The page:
Bootle said he’s long known, back to his youth football days, offensive pass interference is an unlikely call from officials.

“I’ve had people pull my facemask when I’m looking for the ball, I’ve had people pull me down by the shoulder pads — you never get the call,” Bootle said. “I don’t even look for a call.”

More praise for Warner

Kade Warner parlayed his first career start into a spot atop Nebraska’s depth chart. Coaches and players have seen the kind of steady performance in practice that led to the redshirt freshman walk-on’s successful debut at receiver.

“He’s Mr. Consistent,” NU quarterback Adrian Martinez said. “I think if you’d have asked us about him back in spring ball, we’d say he’s a guy who knows what he’s doing, he’s a guy we can count on out there. I know where he’s going to be on the field and that’s nice to have as a quarterback. I can rely on him to catch the ball, to run the right route, to block his guy. I think that’s definitely a good thing right now for us.”

Warner made two catches for 16 yards against Purdue and was also a presence on the edges, helping spring Devine Ozigbo on his 18-yard touchdown run to open the game.

Coach Scott Frost said two marks of good football squads are special teams and perimeter blocking. Warner has been an upgrade for Nebraska in the latter category.

“Kade’s a good teammate,” Frost said. “He plays as hard as he can and he’s where he’s supposed to be

Quick hits

» Wisconsin doesn’t beat itself, Frost said, which is the “polar opposite” of where Nebraska has been so far this season, Frost said. The Badgers “grind it out” on offense, often limiting the opponents’ possessions, and have some of the Big Ten’s best inside linebackers on defense.

“This is a ‘tough guy’ game whenever you play a team like this,” Frost said.

» Spielman scored the highest grade among college receivers over the weekend according to Pro Football Focus’ metrics. Spielman became the second Husker in history to have two games where he had at least 10 catches, joining former NU running back Marlon Lucky.

» Wisconsin has won six of seven over Nebraska since the Huskers joined the Big Ten. NU’s lone win was a 30-27 victory in Lincoln in 2012.

» Running backs Greg Bell and Maurice Washington had their best practices of the season today, Frost said. Those practices coincided with Devine Ozigbo becoming the undisputed No. 1 running back. Ozigbo is faster and stronger because of an offseason in strength and conditioning coach Zach Duval’s training regimen.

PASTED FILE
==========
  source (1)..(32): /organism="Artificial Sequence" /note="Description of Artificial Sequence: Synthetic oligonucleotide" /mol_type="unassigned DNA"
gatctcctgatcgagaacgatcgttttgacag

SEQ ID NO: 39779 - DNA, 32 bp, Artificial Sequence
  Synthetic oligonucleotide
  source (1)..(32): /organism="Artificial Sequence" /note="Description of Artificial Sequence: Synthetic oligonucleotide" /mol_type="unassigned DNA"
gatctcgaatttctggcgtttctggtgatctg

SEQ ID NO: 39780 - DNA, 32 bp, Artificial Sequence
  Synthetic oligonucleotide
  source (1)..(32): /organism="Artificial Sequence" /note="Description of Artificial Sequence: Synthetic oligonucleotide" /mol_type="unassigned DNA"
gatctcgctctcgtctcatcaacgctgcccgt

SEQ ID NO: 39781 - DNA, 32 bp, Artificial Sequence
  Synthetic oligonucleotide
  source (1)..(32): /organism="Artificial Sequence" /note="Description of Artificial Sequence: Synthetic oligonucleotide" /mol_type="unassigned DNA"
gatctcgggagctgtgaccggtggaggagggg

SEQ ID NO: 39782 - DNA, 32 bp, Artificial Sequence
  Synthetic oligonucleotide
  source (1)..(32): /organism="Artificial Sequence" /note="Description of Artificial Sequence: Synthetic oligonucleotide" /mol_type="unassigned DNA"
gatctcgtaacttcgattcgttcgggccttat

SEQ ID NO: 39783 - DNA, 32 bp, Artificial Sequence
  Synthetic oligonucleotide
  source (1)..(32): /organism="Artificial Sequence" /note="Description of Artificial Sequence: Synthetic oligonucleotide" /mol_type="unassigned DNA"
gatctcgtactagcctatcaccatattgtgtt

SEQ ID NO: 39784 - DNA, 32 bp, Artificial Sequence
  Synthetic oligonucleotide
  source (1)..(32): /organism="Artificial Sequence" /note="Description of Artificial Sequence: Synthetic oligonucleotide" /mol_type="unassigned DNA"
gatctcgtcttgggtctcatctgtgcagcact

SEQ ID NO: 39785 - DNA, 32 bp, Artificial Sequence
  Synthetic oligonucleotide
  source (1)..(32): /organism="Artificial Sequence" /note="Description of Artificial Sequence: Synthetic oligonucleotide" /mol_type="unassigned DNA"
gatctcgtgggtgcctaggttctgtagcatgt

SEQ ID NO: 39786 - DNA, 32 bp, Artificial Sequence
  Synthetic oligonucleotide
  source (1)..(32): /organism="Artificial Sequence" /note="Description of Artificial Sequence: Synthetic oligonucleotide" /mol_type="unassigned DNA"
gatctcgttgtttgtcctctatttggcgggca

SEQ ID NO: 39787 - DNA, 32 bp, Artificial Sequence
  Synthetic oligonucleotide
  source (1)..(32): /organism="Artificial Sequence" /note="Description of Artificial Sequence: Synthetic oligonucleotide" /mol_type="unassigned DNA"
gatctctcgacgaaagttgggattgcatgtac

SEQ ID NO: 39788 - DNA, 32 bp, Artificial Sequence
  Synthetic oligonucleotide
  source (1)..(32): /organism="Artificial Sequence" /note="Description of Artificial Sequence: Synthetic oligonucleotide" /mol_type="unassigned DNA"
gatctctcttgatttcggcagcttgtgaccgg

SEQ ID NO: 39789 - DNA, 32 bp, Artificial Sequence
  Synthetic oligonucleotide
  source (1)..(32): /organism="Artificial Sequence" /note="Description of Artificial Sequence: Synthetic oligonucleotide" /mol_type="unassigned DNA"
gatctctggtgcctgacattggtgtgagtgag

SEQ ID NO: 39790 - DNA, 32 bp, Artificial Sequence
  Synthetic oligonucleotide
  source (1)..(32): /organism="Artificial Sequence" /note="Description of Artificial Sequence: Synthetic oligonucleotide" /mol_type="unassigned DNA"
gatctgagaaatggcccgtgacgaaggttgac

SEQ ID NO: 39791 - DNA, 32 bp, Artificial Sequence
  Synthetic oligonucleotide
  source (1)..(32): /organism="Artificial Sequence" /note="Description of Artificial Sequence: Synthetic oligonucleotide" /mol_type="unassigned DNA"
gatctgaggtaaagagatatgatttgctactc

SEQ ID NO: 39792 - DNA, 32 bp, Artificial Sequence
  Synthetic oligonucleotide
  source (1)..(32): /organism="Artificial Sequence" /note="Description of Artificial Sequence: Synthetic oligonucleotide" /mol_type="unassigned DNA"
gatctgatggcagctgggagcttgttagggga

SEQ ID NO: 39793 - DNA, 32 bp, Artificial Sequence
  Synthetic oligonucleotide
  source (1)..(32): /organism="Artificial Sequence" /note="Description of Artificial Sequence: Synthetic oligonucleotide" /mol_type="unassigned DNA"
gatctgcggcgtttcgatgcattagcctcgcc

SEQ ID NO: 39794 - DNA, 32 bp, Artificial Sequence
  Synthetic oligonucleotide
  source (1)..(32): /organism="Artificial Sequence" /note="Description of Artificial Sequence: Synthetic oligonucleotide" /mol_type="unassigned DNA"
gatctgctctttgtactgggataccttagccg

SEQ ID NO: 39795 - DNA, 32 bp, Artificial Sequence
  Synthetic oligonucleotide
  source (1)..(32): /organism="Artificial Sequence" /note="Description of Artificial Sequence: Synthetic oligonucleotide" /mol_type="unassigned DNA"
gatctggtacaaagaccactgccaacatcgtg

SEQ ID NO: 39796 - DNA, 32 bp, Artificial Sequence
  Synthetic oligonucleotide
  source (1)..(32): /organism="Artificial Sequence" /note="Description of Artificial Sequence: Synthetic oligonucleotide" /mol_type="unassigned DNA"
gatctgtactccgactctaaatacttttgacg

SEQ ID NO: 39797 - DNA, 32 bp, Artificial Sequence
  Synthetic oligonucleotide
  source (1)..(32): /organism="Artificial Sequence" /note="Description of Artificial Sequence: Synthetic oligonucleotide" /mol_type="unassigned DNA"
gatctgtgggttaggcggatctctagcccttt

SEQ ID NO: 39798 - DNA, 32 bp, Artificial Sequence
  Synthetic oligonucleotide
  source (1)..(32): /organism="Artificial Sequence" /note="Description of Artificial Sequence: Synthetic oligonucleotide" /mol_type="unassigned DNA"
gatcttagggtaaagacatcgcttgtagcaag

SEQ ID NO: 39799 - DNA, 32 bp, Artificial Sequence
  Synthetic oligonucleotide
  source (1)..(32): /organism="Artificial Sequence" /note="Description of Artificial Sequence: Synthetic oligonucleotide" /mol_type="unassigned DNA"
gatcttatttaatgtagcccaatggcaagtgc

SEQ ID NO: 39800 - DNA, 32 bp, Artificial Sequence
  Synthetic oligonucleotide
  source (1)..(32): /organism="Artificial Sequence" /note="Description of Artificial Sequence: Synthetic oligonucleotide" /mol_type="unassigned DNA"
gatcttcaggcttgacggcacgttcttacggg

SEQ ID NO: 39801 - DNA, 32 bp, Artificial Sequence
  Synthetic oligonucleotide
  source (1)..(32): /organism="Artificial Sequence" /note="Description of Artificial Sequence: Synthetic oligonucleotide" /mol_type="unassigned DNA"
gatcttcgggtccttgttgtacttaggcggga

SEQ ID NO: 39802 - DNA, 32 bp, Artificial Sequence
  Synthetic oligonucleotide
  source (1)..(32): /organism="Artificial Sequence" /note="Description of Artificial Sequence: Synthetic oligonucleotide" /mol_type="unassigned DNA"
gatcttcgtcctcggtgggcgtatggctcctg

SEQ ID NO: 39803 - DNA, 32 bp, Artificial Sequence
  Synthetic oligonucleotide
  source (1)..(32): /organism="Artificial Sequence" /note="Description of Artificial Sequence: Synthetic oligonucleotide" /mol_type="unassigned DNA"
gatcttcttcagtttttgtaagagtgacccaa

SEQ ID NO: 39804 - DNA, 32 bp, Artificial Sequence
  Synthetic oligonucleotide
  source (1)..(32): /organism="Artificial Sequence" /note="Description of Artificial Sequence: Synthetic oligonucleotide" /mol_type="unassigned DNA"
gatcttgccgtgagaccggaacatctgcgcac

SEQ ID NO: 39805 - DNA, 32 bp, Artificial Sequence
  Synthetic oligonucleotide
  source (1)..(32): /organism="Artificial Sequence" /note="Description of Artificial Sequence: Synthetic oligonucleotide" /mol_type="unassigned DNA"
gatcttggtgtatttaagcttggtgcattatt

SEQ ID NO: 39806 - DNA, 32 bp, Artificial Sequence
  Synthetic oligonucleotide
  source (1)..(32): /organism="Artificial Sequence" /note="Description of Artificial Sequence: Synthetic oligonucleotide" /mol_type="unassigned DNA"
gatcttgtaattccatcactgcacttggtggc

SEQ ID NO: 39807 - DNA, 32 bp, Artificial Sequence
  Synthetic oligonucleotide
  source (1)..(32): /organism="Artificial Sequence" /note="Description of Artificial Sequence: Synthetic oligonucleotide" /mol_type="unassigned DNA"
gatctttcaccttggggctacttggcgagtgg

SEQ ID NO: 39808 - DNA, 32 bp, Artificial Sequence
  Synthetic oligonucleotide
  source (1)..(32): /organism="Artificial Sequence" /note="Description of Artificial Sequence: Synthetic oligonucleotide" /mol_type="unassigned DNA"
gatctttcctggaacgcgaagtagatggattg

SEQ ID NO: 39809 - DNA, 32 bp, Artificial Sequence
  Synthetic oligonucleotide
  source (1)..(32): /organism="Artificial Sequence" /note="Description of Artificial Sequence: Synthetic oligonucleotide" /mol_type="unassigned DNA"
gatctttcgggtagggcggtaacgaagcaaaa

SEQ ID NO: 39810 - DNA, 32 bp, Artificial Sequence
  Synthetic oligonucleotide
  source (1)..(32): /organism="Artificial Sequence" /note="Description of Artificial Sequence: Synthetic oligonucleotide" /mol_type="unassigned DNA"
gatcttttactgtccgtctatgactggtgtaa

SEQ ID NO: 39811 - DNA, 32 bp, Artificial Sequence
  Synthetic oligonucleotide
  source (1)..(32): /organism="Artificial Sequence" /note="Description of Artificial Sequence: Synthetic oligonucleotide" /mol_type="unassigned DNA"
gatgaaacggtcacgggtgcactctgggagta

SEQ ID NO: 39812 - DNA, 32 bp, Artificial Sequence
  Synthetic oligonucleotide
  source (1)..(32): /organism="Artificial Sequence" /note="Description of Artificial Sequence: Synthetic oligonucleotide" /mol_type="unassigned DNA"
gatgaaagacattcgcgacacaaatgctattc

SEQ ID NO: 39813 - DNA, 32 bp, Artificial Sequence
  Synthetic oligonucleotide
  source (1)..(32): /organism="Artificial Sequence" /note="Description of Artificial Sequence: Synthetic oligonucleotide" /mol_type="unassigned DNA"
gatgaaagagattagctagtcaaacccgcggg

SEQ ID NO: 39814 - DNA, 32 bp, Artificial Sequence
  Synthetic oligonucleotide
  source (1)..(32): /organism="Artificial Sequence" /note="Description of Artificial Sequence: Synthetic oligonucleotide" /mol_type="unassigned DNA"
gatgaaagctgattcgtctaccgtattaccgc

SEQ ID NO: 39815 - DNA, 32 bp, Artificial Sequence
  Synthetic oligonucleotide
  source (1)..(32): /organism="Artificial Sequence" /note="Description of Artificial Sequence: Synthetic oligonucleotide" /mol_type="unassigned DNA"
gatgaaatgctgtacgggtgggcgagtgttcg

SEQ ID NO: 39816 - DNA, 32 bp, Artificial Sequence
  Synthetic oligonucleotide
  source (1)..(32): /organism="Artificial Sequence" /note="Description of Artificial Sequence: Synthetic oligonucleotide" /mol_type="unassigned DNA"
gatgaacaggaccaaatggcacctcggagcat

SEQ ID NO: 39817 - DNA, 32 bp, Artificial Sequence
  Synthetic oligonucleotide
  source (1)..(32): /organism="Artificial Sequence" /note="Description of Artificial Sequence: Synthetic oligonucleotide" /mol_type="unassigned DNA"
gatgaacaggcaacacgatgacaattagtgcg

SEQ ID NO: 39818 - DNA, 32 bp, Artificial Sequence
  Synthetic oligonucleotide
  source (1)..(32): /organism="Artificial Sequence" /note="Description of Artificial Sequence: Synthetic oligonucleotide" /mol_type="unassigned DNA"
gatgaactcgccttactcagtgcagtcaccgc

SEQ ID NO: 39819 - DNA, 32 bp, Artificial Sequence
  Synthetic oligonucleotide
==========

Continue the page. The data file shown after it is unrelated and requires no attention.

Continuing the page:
» Frost said whoever plays center — Tanner Farmer or Cole Conrad — will have their hands full with 6-foot-2, 342-pound Wisconsin nose tackle Olive Sagapolu. “A grown man,” Frost said of Sagapolu. Farmer played in Conrad’s stead after Conrad got hurt against Purdue.

» Junior corner Lamar Jackson was benched Saturday against Purdue after his holding penalty negated an interception by Marquel Dismuke.

After the flag, coach Scott Frost turned to the bench and told junior Eric Lee he was in.

And last year’s starting corner got his first real shot of the season.

“It’d definitely been awhile since I’ve been out there,” Lee said on Monday. “I felt like I did fairly well, felt like I had a lot I can improve on and that’s something I’m going to go over with Coach (Fisher) on today.”

Lee is listed as the starter against Wisconsin, alongside Bootle. It’ll be Lee’s first start since the 2017 season. He didn’t record a pick last year, but feels like he’s improved a lot in 12 months.

“I feel like my mindset has just changed drastically,” Lee said.

That phrase, no fear of failure, it really sticks with Lee.

“Just allows me to play more freely.”

Frost said Monday that Lee wasn’t someone who had it “figured out” at the beginning of the season. But he’s done everything right so far this fall and deserved a shot at playing time.

“There’s a lot of guys that we had to work with and help to understand how we want things done and what it takes to be that kind of person, that kind of good teammate. Eric has figured it out,” Frost said.

» Senior Tanner Farmer will start at center this week, after the last few weeks at right guard.

Those changes came, he said, because Nebraska is trying to play more guys who love the game of football.

“Some guys that don’t really show their love for the game, they’re getting weeded out,” Farmer said. “We’re getting some guys in there that they want to play.”

Football was his first love, Farmer said. He started at the age of 5 and wants to play forever.

“I cherish being able to be part of this, the Nebraska experience being part of football,” Farmer said. “ We’re just trying to fill up the lineup with guys who feel like that.”

» Ozigbo spoke with reporters Monday after declining interviews Saturday following his career-best rushing output against Purdue. Quarterback Adrian Martinez credited the offensive line as well as the unit’s better overall understanding of the schemes for helping the senior bust loose.

“There’s also the threat of me keeping the ball on certain plays along with the fact that Devine’s running hard,” Martinez said. “I think you can go back on a lot of those plays and see him going full speed. That’s a big part of it, just being decisive and making those cuts. I don’t think guys wanted to tackle him.”

Nebraska at Wisconsin

When: 6:30 p.m. Saturday (Pregame: 1:30 p.m.)

Where: Camp Randall Stadium

Radio: 103.1 FM

We strive for accuracy. Report a typo, inaccuracy, or mistake here.